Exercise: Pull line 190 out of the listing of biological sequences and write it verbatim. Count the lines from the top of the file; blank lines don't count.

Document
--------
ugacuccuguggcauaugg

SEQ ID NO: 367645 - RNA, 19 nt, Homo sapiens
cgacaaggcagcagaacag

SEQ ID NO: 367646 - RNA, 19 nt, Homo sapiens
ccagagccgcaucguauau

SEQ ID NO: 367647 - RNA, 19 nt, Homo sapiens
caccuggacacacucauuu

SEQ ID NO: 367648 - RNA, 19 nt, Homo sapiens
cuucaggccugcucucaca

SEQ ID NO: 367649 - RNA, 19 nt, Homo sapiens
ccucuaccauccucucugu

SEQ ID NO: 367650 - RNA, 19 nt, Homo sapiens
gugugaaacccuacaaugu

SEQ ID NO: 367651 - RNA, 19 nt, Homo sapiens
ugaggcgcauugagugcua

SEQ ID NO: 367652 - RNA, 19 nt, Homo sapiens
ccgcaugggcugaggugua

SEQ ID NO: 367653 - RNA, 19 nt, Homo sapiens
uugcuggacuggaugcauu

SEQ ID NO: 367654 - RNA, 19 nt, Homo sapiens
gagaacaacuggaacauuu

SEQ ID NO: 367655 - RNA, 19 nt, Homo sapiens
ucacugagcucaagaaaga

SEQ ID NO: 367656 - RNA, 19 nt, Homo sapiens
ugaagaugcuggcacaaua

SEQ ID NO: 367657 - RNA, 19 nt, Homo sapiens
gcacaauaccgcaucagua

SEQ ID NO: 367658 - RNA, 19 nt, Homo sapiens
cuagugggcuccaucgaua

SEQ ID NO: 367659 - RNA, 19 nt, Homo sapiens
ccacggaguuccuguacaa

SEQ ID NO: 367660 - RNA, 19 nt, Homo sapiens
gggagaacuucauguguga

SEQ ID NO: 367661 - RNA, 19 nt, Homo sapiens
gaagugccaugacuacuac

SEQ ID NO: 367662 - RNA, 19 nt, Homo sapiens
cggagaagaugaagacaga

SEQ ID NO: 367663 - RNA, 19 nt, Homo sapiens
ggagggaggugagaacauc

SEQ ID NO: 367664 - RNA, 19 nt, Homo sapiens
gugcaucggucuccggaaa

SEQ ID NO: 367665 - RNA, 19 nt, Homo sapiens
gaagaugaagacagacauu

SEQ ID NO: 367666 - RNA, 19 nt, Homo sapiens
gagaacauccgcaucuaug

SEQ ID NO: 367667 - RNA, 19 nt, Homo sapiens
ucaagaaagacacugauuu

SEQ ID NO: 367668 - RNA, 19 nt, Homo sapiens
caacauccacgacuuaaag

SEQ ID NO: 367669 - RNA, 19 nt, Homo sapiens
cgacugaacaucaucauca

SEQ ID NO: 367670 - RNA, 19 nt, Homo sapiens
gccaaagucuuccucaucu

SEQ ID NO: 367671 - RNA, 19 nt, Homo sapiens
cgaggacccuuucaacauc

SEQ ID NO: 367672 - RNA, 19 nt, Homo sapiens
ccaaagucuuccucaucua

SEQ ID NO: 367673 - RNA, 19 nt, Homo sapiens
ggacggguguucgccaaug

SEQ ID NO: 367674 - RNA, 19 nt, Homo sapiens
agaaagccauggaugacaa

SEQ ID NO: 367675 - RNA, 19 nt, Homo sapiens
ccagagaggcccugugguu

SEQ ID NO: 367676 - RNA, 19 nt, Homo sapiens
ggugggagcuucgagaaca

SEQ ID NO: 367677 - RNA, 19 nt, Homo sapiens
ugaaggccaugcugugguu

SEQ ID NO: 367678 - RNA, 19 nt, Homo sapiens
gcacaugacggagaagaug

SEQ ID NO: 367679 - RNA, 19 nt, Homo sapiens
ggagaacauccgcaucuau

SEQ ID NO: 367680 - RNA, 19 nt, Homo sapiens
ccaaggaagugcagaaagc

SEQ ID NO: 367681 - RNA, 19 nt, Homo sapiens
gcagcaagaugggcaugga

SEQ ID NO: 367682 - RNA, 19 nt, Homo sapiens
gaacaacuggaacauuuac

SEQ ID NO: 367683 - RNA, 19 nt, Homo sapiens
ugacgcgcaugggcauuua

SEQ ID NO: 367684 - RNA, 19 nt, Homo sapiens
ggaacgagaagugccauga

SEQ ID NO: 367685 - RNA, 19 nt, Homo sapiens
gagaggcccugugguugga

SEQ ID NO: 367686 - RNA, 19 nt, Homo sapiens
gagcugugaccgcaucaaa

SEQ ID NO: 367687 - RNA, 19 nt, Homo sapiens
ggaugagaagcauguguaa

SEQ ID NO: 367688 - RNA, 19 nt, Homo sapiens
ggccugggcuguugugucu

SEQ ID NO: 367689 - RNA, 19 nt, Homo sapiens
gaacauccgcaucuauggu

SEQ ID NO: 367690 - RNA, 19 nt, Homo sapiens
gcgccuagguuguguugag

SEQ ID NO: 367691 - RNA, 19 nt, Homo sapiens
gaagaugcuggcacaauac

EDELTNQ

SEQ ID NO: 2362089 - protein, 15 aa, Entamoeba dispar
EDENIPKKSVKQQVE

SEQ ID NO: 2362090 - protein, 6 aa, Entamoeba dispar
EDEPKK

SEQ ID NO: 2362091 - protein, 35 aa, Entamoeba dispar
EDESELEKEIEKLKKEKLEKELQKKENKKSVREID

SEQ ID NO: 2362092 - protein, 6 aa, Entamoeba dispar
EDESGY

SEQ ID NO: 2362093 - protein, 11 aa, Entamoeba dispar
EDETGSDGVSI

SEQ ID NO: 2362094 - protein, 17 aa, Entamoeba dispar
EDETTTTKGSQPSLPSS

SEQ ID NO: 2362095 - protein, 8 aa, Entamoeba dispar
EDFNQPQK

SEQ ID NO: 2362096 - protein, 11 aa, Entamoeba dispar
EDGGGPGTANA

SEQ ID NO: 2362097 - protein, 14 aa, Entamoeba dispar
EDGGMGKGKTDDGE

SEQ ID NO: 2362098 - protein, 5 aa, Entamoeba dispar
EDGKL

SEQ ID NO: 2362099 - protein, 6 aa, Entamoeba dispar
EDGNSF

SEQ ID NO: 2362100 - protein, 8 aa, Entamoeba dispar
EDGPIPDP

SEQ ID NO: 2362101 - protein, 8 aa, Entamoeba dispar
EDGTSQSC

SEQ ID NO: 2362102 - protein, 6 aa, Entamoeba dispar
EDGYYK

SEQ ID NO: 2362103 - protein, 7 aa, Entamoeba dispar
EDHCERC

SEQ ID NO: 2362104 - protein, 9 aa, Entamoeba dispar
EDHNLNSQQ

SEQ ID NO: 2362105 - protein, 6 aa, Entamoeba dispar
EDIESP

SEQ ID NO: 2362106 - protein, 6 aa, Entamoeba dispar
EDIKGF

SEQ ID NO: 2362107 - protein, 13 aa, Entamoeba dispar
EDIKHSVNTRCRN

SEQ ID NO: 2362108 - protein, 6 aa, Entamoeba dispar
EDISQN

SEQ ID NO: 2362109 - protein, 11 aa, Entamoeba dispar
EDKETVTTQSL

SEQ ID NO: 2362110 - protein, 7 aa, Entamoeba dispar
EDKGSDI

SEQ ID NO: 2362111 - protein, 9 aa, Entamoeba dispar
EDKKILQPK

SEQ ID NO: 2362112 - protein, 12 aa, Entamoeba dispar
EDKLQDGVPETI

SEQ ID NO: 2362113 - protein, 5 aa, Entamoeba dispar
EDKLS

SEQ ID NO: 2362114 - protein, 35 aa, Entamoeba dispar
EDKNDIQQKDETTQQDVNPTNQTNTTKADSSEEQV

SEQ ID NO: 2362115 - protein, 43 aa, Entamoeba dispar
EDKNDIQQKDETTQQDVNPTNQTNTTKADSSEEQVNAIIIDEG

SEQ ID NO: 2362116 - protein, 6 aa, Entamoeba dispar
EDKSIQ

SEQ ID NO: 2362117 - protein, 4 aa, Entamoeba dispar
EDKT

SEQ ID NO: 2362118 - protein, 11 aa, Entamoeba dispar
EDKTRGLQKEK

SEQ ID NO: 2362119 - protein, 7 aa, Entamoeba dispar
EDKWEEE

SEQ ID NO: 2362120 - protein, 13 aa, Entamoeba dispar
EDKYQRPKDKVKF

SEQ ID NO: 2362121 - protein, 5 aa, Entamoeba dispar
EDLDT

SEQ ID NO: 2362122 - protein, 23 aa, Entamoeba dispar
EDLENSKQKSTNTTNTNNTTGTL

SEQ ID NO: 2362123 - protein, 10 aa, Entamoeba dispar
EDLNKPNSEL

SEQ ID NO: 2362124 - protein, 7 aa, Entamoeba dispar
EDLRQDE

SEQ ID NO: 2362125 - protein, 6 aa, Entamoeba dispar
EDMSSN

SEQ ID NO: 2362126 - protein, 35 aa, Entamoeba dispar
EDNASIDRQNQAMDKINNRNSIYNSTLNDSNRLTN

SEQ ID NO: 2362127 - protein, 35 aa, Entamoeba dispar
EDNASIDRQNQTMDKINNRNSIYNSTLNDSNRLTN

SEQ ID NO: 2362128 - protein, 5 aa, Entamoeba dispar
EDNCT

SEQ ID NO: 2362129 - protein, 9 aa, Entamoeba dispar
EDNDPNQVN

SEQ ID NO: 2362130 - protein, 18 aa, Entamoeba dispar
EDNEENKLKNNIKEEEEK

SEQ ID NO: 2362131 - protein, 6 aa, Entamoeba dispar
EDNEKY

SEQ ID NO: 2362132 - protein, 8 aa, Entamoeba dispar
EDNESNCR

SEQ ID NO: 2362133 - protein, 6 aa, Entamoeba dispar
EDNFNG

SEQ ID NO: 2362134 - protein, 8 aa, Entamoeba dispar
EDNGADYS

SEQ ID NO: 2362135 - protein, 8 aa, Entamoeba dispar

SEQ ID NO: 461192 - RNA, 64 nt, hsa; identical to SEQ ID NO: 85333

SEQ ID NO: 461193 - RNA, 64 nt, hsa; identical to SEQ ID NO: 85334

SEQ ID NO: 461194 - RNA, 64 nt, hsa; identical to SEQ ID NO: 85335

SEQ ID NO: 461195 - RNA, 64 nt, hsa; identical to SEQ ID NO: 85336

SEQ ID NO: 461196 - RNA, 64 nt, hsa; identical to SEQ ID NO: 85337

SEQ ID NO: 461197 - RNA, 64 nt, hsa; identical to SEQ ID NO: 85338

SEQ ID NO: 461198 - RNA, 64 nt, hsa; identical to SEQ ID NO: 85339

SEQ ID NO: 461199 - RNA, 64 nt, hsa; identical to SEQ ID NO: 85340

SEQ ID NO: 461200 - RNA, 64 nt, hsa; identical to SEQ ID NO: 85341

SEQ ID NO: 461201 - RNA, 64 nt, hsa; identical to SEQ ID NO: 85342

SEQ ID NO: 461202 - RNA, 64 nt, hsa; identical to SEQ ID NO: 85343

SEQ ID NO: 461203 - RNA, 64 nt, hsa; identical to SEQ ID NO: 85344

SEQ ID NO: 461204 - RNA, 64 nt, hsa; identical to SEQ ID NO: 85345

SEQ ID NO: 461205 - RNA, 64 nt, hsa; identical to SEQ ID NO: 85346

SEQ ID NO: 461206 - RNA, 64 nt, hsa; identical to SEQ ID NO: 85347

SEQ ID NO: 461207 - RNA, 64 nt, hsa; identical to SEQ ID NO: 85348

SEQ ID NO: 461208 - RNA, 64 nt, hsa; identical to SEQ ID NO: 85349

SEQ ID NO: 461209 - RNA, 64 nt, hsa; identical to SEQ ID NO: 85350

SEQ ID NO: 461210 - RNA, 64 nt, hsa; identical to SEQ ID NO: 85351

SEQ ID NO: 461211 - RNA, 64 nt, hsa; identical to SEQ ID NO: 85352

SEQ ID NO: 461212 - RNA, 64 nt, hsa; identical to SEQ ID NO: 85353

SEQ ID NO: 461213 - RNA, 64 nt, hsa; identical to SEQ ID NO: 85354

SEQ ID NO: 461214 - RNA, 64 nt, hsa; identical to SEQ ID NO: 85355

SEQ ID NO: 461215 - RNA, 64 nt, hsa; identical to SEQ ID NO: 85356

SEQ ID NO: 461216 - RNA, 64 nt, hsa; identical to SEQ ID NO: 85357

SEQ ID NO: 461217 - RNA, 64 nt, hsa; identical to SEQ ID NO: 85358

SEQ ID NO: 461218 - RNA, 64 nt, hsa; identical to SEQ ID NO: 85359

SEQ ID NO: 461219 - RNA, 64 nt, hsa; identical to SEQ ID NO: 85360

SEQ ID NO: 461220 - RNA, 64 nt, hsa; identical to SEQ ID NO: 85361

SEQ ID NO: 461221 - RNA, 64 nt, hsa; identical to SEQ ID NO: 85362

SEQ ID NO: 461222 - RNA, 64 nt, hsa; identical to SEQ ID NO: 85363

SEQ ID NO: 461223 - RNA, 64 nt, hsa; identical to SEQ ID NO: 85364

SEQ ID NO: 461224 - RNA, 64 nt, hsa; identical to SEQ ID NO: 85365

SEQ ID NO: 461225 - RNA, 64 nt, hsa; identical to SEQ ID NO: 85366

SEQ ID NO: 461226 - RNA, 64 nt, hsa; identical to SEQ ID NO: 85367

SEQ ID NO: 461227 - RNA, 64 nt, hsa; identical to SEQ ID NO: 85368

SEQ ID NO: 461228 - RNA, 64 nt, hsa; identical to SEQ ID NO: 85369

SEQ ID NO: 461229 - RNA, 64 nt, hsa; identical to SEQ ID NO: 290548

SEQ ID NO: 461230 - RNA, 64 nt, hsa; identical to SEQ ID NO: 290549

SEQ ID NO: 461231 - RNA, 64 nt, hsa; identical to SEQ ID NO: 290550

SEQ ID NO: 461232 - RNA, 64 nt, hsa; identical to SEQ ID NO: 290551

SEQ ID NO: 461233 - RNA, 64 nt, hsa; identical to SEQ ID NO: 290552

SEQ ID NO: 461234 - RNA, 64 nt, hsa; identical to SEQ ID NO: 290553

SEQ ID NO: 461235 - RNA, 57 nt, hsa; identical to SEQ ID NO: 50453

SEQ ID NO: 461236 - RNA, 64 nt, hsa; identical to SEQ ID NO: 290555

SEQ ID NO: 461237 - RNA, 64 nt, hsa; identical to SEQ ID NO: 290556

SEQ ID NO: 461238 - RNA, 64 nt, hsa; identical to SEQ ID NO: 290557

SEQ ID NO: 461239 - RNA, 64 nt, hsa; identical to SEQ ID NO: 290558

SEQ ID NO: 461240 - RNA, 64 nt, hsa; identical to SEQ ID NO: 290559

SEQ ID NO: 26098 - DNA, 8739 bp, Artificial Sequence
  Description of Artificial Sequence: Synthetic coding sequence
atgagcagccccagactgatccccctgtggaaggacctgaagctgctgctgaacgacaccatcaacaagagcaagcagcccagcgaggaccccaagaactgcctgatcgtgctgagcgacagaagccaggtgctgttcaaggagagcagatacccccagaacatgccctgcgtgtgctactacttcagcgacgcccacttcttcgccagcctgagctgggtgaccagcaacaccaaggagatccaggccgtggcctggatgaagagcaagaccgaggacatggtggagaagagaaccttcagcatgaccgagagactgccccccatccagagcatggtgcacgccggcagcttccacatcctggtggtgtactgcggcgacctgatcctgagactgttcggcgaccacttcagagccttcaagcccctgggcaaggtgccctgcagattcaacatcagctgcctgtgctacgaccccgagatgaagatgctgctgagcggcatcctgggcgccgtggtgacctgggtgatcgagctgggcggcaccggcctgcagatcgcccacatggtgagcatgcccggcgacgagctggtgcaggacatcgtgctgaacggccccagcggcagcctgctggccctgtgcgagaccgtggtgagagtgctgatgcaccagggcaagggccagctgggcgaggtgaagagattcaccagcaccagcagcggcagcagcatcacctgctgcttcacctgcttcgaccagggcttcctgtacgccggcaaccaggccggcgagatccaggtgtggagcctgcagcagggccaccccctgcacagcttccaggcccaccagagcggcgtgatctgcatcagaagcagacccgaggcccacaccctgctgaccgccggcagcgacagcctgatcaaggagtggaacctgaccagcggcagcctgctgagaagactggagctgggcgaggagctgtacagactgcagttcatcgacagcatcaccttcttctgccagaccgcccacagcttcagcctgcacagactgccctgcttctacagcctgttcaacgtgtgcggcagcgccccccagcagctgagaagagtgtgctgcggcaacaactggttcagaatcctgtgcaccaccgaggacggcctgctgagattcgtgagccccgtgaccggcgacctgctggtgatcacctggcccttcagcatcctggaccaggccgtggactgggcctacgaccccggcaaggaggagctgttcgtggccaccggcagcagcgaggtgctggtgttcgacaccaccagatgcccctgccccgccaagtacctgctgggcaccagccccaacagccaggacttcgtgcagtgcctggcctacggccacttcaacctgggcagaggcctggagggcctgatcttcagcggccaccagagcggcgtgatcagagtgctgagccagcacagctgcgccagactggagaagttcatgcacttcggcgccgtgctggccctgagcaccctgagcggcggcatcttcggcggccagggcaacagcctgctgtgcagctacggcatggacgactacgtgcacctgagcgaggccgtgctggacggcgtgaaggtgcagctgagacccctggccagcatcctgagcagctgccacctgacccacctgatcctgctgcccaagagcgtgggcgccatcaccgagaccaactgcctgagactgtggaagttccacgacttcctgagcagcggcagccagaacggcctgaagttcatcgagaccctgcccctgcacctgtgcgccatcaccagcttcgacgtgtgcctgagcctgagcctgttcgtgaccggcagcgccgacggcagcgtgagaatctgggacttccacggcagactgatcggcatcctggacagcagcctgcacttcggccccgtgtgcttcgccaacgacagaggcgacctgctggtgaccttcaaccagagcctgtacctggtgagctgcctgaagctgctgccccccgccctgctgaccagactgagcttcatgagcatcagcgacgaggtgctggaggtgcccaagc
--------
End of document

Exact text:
SEQ ID NO: 461192 - RNA, 64 nt, hsa; identical to SEQ ID NO: 85333